Reversal Of Fortune: Problem CUs Move Back Into The Black

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PASADENA, Calif. – In what poses at good news for both its members and the credit union movement as a whole which pays to resolve failed credit unions, Wescom CU reported net income for 2010 today of $2.7 million, its first profit since 2006.
Wescom, which wracked up $198 million of losses in 2007-2009, is one of several large problem credit unions that are reporting profitable years for 2010 or big declines in losses, as massive charge-offs over the past three years have squeezed much of the bad loans out of the system. 
San Diego’s North Island Financial CU, which had a $52.4 million loss for 2009, also broke out of the red last year to the tune of an $11.5 million net. So did Schools Financial CU, which reported a $9.2 million 2009 loss, had a slim $1.1 million net for 2010. AltaOne FCU reported a $3.4 million net last year, after an $8.8 million loss for 2009. 
The improved financial performance by these California credit unions comes as an improving economy has allowed them to vastly reduce their loan loss provisions. Wescom CU, for example, cut its loan loss provisions in half to $47.5 million at year-end 2010.
“I think in some sense they’re making the turn,” said Tun Wai, chief economist for NAFCU, who also cautioned that many barriers to profitability remain for credit unions heading into 2011, including anemic loan demand and the certainty of a NCUA assessments for both the corporate credit union bailout and a National CU Share Insurance Fund premium.
Still, the early numbers coming out of some of the Sand States credit unions are promising.
Desert Schools FCU, the Phoenix credit union giant that had an $81.3 million loss for 2009, trimmed its loan loss provisions by $56 million, helping cut losses to $18.9 million for 2010.

Kern Schools FCU in Bakersfield, Calif., cut its losses from $406 million for 2008 to $12.8 million for 2010, after cutting its loan loss reserves in half to $27.5 million. 

PASADENA, Calif. – In what poses at good news for both its members and the credit union movement as a whole which pays to resolve failed credit unions, Wescom Central CU reported net income for 2010 today of $2.7 million, its first profit since 2006.

Wescom, the one-time $4 billion credit union which wracked up $198 million of losses in 2007-2009, is one of several large problem credit unions that are reporting profitable years for 2010 or big declines in losses, as massive charge-offs over the past three years have squeezed much of the bad loans out of the system.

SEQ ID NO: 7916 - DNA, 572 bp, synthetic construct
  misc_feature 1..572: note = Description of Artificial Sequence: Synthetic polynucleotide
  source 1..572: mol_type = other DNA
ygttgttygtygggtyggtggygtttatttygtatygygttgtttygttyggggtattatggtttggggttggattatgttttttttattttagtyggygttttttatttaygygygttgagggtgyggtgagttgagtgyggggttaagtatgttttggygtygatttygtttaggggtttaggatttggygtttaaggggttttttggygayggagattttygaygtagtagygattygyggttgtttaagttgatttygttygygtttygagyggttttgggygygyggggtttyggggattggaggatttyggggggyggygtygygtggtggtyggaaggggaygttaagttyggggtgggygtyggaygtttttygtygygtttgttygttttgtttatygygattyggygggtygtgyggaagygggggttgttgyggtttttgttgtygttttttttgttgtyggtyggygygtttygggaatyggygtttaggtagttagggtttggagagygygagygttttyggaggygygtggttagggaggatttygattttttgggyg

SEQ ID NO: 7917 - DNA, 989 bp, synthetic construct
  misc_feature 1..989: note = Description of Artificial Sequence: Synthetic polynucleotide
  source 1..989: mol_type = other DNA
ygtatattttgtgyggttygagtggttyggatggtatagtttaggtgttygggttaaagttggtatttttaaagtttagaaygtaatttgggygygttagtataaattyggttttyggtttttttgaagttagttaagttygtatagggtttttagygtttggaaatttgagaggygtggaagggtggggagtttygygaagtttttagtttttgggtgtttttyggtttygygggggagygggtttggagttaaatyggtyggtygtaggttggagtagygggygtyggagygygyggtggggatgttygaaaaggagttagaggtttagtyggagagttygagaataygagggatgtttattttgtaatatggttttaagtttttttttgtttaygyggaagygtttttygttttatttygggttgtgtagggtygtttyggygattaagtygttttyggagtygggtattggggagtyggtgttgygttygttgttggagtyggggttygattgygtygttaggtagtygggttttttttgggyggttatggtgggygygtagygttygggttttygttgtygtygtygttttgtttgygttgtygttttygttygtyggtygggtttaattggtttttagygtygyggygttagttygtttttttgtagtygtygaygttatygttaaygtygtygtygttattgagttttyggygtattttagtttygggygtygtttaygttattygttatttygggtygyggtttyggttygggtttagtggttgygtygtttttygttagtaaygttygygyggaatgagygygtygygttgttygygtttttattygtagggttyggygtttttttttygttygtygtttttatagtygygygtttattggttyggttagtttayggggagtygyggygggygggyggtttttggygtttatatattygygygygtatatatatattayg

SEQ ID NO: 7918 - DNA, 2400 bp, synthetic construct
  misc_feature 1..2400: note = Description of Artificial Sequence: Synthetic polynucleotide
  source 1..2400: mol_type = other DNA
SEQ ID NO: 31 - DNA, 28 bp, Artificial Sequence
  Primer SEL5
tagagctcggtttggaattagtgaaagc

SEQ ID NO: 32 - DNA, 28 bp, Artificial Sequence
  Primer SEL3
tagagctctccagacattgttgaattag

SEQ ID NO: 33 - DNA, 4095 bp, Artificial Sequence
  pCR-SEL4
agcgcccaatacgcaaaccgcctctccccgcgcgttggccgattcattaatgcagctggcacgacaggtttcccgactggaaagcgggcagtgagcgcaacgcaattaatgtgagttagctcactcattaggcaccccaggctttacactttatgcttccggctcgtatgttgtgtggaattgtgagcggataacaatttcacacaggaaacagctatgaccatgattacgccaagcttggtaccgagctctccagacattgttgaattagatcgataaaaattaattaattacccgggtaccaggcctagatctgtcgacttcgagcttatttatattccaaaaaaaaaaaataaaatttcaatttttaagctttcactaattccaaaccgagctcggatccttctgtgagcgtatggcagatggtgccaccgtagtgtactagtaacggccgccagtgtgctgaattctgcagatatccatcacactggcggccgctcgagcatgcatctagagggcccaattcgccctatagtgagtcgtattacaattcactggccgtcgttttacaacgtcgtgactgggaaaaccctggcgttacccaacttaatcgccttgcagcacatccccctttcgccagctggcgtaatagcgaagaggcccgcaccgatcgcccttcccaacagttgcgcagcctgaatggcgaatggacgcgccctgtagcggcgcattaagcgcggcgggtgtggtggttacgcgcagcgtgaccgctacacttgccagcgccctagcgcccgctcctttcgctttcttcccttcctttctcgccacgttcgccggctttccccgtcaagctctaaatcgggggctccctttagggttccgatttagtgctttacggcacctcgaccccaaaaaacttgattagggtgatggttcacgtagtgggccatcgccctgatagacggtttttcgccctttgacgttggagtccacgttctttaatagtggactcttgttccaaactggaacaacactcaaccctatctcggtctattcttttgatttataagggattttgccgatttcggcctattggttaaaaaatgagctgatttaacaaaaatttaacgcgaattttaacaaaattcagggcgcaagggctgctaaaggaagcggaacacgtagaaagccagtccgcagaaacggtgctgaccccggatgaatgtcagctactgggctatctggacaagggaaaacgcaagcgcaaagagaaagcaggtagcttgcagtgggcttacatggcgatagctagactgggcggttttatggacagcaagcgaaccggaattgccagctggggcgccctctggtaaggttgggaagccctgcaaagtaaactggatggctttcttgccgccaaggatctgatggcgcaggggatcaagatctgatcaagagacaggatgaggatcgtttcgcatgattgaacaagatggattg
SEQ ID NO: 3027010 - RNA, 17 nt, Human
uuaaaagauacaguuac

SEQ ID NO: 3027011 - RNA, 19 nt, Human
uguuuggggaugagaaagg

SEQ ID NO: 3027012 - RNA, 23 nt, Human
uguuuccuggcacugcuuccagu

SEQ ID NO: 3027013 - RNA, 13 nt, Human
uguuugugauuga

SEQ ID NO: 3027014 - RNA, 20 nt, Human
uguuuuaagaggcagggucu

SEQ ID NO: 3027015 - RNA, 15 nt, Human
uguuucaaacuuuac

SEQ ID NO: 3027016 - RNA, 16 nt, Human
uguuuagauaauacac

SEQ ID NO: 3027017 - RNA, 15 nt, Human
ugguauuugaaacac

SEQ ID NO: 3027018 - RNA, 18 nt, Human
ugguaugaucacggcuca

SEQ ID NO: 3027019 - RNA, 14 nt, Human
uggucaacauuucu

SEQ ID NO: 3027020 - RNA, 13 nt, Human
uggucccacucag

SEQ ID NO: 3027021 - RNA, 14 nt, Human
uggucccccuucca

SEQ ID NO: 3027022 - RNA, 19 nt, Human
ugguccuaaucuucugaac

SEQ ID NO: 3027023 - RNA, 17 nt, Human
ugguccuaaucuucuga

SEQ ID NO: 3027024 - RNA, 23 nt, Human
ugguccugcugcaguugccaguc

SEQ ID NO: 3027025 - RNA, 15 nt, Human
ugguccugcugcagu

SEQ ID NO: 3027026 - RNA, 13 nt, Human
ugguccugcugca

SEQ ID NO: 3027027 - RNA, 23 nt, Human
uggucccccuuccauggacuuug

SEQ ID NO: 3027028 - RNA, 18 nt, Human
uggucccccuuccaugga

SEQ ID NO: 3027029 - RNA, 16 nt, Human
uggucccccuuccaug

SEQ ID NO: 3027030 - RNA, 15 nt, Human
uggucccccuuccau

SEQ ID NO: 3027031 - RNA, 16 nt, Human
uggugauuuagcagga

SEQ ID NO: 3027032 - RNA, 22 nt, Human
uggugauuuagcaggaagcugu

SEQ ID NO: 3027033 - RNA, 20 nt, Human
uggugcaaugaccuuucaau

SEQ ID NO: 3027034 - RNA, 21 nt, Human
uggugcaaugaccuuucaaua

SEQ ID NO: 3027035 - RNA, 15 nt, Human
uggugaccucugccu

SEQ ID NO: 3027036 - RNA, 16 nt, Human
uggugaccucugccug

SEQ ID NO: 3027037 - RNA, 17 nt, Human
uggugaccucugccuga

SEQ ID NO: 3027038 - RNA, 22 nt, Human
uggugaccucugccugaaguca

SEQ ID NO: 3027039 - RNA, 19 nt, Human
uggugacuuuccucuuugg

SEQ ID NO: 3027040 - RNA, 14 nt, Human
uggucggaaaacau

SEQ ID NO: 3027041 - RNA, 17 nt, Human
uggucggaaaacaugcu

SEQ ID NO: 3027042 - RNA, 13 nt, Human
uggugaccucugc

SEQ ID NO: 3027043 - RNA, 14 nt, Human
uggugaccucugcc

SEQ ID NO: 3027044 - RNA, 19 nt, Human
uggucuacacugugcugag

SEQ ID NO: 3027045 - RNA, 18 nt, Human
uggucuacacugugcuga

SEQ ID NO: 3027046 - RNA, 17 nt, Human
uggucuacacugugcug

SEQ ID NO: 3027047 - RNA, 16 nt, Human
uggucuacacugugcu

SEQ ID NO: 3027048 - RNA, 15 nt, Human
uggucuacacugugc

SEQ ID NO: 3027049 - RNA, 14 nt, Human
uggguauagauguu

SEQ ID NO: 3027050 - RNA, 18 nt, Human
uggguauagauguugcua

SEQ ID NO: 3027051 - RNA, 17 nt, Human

San Diego’s North Island Financial CU, which had a $52.4 million loss for 2009, also broke out of the red last year to the tune of an $11.5 million net. So did Schools Financial CU, which reported a $9.2 million 2009 loss, had a slim $1.1 million net for 2010. AltaOne FCU reported a $3.4 million net last year, after an $8.8 million loss for 2009. 

The improved financial performance by these California credit unions comes as an improving economy has allowed them to vastly reduce their loan loss provisions. Wescom CU, for example, cut its loan loss provisions in half to $47.5 million at year-end 2010.

“I think in some sense they’re making the turn,” said Tun Wai, chief economist for NAFCU, who also cautioned that many barriers to profitability remain for credit unions heading into 2011, including anemic loan demand and the certainty of a NCUA assessments for both the corporate credit union bailout and a National CU Share Insurance Fund premium.

Still, the early numbers coming out of some of the Sand States credit unions are promising.

Desert Schools FCU, the Phoenix credit union giant that had an $81.3 million loss for 2009, trimmed its loan loss provisions by $56 million, helping cut losses to $18.9 million for 2010.

Kern Schools FCU in Bakersfield, Calif., cut its losses from $406 million for 2008 to $12.8 million for 2010, after cutting its loan loss reserves in half to $27.5 million.

 

 

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